To pick up where Part I left off, I made my way to begin anew in San Francisco…
It all started off quite swimmingly. The entire environment in California, even Northern Cali where there aren’t really any beaches and generally the scene isn’t that stereotypical sunny, OC, blondes-in-bikinis thing, encourages a healthier lifestyle. At least from my experience. All the hills in San Fran kept me active (I don’t drive, and have always had this mentality of even $1.25 for a bus ride is more than the FREE that walking costs ;P), and living with my non-cooking aunt meant tempting things were never around at home to test my resolve to abstain from bingeing.
I ate reasonably healthy things whenever I was hungry for about the first month or so, but then I succumbed to my long days at work with often no real breaks and returned to the habit of not really eating anything. I managed to drop about 30lbs in the first few months I was there, and by the time Thanksgiving was approaching, I was subsisting on two coffees a day and nothing more.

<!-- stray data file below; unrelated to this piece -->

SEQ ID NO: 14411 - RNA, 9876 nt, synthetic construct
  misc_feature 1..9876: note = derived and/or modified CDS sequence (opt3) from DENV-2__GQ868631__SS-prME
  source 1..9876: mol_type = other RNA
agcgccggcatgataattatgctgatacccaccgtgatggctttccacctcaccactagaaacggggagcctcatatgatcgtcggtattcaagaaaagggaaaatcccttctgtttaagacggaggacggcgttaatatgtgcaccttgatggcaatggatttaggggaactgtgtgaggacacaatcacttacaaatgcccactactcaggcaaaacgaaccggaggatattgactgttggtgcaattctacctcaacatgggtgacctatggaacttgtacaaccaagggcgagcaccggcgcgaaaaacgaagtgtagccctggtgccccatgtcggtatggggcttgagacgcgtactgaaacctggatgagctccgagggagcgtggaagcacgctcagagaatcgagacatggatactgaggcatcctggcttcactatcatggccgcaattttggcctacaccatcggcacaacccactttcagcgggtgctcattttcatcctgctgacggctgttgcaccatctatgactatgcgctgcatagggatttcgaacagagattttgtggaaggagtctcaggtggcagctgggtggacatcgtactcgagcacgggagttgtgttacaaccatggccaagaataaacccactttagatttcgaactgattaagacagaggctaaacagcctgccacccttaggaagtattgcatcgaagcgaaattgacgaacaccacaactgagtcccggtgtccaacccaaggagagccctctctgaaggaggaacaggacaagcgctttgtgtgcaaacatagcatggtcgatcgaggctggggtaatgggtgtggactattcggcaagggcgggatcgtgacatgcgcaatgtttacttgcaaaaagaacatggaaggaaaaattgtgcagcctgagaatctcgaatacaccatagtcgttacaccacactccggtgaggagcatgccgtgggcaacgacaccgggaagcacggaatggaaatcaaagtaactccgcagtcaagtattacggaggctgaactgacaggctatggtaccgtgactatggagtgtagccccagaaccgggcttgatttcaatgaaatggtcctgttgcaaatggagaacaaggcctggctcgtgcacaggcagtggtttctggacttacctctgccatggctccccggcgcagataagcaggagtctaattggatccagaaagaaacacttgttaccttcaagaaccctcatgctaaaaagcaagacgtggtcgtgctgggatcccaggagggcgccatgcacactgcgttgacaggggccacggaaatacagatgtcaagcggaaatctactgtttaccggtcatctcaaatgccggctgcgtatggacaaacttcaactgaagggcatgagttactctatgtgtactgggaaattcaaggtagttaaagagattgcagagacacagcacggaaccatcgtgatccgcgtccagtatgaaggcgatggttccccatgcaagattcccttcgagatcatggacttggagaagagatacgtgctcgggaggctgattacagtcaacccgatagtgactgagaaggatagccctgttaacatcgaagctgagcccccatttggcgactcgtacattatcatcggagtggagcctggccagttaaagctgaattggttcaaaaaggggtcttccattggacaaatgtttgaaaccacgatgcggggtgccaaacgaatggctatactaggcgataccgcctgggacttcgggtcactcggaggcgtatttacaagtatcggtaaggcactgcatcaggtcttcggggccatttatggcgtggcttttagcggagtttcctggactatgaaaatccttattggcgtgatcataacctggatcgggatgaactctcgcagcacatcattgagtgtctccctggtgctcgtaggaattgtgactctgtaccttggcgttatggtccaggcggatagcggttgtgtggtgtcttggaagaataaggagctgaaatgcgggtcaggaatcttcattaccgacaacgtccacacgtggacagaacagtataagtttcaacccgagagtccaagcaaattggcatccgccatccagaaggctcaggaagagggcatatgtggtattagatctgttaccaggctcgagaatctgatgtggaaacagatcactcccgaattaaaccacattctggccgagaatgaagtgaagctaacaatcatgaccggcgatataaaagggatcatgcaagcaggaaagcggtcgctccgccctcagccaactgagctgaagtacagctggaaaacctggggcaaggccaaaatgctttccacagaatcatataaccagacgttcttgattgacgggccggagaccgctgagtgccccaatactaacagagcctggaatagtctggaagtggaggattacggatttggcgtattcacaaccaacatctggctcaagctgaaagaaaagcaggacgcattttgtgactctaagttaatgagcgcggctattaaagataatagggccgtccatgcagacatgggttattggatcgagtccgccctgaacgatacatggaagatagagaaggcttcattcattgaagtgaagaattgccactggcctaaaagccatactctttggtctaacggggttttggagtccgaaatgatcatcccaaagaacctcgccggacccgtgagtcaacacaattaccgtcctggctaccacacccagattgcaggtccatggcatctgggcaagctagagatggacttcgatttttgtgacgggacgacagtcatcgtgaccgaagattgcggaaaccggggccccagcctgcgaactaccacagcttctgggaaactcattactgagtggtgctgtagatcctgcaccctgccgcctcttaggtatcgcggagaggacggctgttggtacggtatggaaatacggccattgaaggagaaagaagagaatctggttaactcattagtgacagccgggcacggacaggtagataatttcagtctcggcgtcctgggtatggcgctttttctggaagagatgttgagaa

Around Halloween, I’d met a few people my age–the only people my age within the city that I’d befriend in any way the whole time I lived in SF–and got a bit worked up over something related to them. Between my growing inability to cope with experiencing any sort of emotional ups and downs and the feast that was available to me at the Thanksgiving dinner I was invited to, that uncontrollable desire to just eat anything until I was stuffed to bursting kicked in again.
It never quite got as bad in San Francisco as it had during University, the whole mindless bingeing thing. There were definitely days I was seriously out of control, but probably the combination of regular work and lots of travelling kept me somewhat grounded. It’s impossible to ignore the reality of day-to-day living when you HAVE to go to work or you HAVE to get on a plane. I simply didn’t have the option of bingeing to the point of stupor and laying in bed recovering for days like I did my last year of Uni.